Difference between revisions of "Install Arch from network via PXE"

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[[Category:Getting and installing Arch]]
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#REDIRECT[[PXE]]
[[fr:Install PXE]]
 
[[ru:Install Arch from network via PXE]]
 
{{merge|Archiso_as_pxe_server|Other article is more up-to-date, but this one has better explanation}}
 
{{Accuracy|Both the July and August ISO releases have the boot directory inside /arch. |Talk:Install Arch from network via PXE#Confirm : instructions are outdated}}
 
== Network booting ==
 
 
 
Did your tiny laptop come without a CDROM drive, and does not allow you to boot from a usb drive? Fear not, you can boot using PXE.
 
 
 
PXE is short for Preboot eXecution Environment and is a piece of software that usually resides deep within the guts of the BIOS to allow booting over the network interface. In order to boot into PXE check your BIOS' boot options. It is common to use the Ethernet port.
 
 
 
===How it works===
 
 
 
Booting with PXE roughly works as follows:
 
* a client (the one you want to install to) boots into the environment and asks continously for a DHCP lease (or IP if you will).
 
* a DHCP server leases an IP to the client.
 
* then a tftp (which is a lot like regular ftp) server delivers the files to boot to the target.
 
 
 
after that the client boots. Once booted it is rather safe to kill the connection if necessary (e.g. to install from the net instead of the image served by tftp).
 
 
 
=== Requisites ===
 
 
 
You need at least the following:
 
* a server capable of running DHCPD
 
* a server capable of running (a)tftpd
 
* the [ftp://ftp.archlinux.org/iso/archboot/latest/ archboot installation iso] (the official images can not be used for this)
 
 
 
The DHCP and tftp server can be the same computer if you only have one.
 
 
 
Be sure to have the ports to the client (or target) open. When in doubt consider disabling iptables or any firewall that might be active.
 
 
 
Also be sure that the interface (ethX usually) is up and active.
 
 
 
ifconfig eth0 up
 
ifconfig eth0 192.168.0.2
 
 
 
If you want to boot without a router between the server and the client you have to manually set an IP for ethX and a route.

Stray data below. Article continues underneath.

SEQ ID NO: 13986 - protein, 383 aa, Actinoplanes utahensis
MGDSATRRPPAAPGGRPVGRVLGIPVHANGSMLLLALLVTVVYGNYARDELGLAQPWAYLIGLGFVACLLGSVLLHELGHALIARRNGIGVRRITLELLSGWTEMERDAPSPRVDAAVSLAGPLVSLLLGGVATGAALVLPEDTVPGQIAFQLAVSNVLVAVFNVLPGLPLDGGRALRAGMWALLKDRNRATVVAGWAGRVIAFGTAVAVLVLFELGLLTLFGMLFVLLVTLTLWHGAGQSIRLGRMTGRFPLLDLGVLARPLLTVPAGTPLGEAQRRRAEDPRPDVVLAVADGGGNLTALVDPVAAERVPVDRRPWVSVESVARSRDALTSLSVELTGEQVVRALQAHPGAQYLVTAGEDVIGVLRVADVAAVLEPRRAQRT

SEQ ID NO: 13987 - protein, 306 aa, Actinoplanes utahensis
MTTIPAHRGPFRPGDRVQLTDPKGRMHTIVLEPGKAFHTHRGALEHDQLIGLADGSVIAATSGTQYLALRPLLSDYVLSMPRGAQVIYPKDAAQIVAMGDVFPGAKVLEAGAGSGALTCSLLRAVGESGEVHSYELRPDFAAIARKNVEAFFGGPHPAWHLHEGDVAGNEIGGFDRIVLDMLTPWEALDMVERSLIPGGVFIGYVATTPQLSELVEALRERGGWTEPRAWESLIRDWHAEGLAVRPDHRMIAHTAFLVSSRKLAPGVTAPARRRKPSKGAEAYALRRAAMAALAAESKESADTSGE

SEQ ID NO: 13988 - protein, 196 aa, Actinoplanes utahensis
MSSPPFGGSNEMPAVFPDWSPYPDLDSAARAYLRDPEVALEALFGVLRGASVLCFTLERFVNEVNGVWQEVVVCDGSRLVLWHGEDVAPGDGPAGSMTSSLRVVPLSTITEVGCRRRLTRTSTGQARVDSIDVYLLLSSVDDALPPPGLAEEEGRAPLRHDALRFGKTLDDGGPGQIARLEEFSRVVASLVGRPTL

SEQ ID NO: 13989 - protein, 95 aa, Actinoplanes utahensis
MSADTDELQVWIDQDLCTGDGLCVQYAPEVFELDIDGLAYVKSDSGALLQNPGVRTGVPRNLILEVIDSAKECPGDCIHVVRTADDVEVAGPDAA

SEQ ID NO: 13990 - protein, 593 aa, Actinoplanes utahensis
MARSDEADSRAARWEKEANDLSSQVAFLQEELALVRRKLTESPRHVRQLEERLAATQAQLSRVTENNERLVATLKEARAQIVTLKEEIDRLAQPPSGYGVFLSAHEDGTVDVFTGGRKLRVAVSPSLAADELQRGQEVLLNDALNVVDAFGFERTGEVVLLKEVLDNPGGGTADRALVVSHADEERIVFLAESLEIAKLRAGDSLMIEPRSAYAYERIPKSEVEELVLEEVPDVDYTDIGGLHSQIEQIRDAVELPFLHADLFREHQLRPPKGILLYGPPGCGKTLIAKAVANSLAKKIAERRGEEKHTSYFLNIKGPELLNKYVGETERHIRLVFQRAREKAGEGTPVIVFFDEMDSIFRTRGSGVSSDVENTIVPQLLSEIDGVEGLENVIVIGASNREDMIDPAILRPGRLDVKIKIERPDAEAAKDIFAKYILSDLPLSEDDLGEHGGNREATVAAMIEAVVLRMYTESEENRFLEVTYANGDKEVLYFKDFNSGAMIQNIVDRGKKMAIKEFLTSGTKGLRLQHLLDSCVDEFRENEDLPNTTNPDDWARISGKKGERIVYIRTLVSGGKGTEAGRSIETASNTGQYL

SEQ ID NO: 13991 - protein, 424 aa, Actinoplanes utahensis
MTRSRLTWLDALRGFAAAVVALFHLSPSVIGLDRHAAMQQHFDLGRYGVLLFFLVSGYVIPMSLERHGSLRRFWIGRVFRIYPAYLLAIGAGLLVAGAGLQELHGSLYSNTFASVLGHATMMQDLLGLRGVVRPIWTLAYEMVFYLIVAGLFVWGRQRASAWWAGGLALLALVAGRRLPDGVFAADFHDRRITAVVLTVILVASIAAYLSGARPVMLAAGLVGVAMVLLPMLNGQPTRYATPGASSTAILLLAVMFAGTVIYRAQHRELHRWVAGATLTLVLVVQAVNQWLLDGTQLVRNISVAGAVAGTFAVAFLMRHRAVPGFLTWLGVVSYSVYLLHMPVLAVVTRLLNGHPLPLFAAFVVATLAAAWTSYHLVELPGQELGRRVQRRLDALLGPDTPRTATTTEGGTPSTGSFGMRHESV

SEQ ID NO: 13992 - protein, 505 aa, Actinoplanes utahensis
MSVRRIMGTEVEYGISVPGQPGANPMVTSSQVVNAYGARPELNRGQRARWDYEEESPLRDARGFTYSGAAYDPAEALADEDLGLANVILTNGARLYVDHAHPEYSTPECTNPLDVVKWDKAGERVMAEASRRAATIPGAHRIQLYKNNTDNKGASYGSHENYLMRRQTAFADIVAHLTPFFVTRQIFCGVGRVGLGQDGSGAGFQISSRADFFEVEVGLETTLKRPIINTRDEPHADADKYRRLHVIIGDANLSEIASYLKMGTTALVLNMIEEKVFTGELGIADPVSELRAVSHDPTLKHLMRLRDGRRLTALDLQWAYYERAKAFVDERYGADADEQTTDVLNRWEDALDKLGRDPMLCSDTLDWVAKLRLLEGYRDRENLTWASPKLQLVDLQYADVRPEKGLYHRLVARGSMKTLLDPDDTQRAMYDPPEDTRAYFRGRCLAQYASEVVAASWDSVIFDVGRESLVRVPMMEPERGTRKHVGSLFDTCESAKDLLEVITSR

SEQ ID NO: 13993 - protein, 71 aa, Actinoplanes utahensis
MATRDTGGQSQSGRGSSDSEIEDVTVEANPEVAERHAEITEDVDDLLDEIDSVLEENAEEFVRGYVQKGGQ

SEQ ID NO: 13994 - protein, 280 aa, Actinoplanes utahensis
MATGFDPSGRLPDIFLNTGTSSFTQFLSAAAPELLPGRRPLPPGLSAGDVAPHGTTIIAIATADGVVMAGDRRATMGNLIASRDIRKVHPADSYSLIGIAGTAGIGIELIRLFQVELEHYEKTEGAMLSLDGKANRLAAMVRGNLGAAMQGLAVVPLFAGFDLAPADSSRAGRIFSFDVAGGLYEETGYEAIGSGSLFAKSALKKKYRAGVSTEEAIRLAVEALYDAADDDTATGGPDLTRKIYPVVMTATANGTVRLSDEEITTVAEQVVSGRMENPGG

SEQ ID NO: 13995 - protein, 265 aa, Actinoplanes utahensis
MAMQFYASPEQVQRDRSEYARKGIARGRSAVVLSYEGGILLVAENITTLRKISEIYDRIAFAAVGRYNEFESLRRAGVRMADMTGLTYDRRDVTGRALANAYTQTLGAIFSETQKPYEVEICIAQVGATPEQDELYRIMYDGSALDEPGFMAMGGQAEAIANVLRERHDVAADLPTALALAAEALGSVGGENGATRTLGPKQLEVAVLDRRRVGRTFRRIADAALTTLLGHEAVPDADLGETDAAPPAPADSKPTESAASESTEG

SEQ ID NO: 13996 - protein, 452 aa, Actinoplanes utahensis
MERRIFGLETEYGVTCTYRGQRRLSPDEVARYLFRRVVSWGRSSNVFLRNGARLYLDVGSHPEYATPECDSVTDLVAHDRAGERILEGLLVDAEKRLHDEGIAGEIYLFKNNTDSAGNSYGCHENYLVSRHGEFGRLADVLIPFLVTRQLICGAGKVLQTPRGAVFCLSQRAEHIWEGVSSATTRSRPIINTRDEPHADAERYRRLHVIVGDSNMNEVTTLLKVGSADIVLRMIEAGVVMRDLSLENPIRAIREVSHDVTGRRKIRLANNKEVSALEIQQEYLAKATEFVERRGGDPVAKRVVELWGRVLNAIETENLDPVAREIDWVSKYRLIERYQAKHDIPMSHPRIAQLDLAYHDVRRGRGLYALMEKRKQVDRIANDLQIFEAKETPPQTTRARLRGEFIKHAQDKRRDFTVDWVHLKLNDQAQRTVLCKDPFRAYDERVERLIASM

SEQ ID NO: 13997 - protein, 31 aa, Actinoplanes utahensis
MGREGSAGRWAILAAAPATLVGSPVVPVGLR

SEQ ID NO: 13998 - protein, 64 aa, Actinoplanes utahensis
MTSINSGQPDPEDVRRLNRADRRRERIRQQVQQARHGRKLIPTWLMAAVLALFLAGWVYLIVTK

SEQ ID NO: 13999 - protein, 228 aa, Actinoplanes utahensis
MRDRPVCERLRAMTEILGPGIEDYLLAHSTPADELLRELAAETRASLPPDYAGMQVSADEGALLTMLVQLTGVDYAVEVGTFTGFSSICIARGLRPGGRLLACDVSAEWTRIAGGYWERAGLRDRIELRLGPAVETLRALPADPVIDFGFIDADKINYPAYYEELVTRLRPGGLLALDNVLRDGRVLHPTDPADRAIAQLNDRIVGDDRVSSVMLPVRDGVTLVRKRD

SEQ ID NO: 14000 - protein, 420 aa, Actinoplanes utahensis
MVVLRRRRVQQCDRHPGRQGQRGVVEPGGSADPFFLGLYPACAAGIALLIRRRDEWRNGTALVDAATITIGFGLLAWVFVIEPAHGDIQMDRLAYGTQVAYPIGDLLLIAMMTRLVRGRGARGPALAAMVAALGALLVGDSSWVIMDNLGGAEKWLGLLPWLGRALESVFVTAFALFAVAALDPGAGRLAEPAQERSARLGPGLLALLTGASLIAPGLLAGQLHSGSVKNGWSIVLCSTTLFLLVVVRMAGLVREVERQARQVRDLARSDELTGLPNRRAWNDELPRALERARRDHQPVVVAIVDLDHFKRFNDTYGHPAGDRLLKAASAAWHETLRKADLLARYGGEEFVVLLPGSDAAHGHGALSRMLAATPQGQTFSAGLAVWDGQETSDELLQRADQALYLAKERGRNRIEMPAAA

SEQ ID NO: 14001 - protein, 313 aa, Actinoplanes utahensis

route add default gw 192.168.0.1
 
 
 
a nameserver needs also to be added.
 
 
 
echo nameserver 192.168.0.1 >> /etc/resolv.conf
 
 
 
If a router is between the server and the client disabling DHCP on the router might be necessary, else you should be able to ignore these steps.
 
 
 
Alternatively, if your router has dnsmasq installed (like the *WRT family) you can configure it in the router with the following option:
 
 
 
dhcp-boot=pxelinux.0,''<hostname-of-the-tftd-server>'',''<ip-of-the-tftd-server>''
 
 
 
[http://www.dd-wrt.com/wiki/index.php/PXE Here] is an example for DD-WRT.
 
 
 
== Preparing tftpd ==
 
 
 
Mount archboot.iso and copy the contents of the folder boot to /var/tftpboot/:
 
 
 
mount -o loop,ro archboot.iso /mnt/iso
 
cp -a /mnt/iso/boot/ /var/tftpboot/
 
 
 
Link to pxelinux.0 from the tftp root:
 
 
 
ln -s /var/tftpboot/boot/syslinux/pxelinux.0 /var/tftpboot/pxelinux.0
 
 
 
Create a pxelinux.cfg configuration directory and link to the relevant config file:
 
 
 
mkdir /var/tftpboot/pxelinux.cfg
 
ln /var/tftpboot/boot/syslinux/syslinux.cfg /var/tftpboot/pxelinux.cfg/default
 
 
 
Your Arch Linux network installer is now ready.
 
 
 
If upon booting, you receive errors along the lines of 'vesamenu.c32' not found you may have to edit the path in the /var/tftpboot/pxelinux.cfg/default config file.
 
 
 
  # change the line: DEFAULT vesamenu.c32 to
 
  DEFAULT /boot/syslinux/vesamenu.c32
 
 
 
==Method 1 - Using dnsmasq==
 
 
 
This one is a bit easier since dnsmasq already has a tftp server builtin.
 
Install dnsmasq on your server:
 
 
 
pacman -S dnsmasq
 
 
 
Edit the configuration file for dnsmasq in:
 
 
 
/etc/dnsmasq.conf
 
 
 
The configuration file comments are rather verbose and should be self-explanatory. You should at least enable the following settings:
 
 
 
dhcp-range=192.168.0.50,192.168.0.150,12h
 
dhcp-boot=pxelinux.0
 
enable-tftp
 
tftp-root=/var/tftpboot
 
 
 
As for the necessary files to be able to boot follow the instructions as given at "Preparing tfptd".
 
Now run dnsmasq.
 
 
 
rc.d start dnsmasq
 
 
 
==Method 2 - using dhcpd==
 
 
 
Install the necessary programs on the existing Arch Linux computer which will act as the server for the installation on your client:
 
 
 
pacman -S tftp-hpa dhcp
 
 
 
Replace the default /etc/dhcpd.conf with the following (adjust to your network environment):
 
 
 
# /etc/dhcpd.conf
 
option domain-name-servers 208.67.222.222, 208.67.220.220;
 
default-lease-time 86400;
 
max-lease-time 604800;
 
authoritative;
 
subnet 192.168.0.0 netmask 255.255.255.0 {
 
  range 192.168.0.10 192.168.0.49;
 
  filename "pxelinux.0";        # the PXELinux boot agent
 
  option subnet-mask 255.255.255.0;
 
  option broadcast-address 192.168.0.255;
 
  option routers 192.168.0.1;
 
}
 
 
 
Dhcpd will not run without ipv6. If you have disabled ipv6, reload the module:
 
 
 
modprobe ipv6
 
 
 
Be sure to static the LAN IP to the same subnet as '''option routers''' IP to get the DHCP server to start:
 
ifconfig eth0 192.168.0.1 255.255.255.0
 
 
 
Now make sure the dhcpd and tftpd daemons are running on the server.
 
# /etc/rc.d/tftpd start
 
# /etc/rc.d/dhcpd start
 
 
 
Boot your destination machine over PXE (usually something like F12 (on Dells) or F11 (on Supermicro's), or enable it in the BIOS).
 
 
 
When you get the PXEBoot prompt, type 'arch' or hit return to start the installer. The install should now progress the same as if you booted from CD. You can continue installation by following the [[Beginners' Guide]] or the [[Official Installation Guide]].
 

Revision as of 04:21, 22 September 2012

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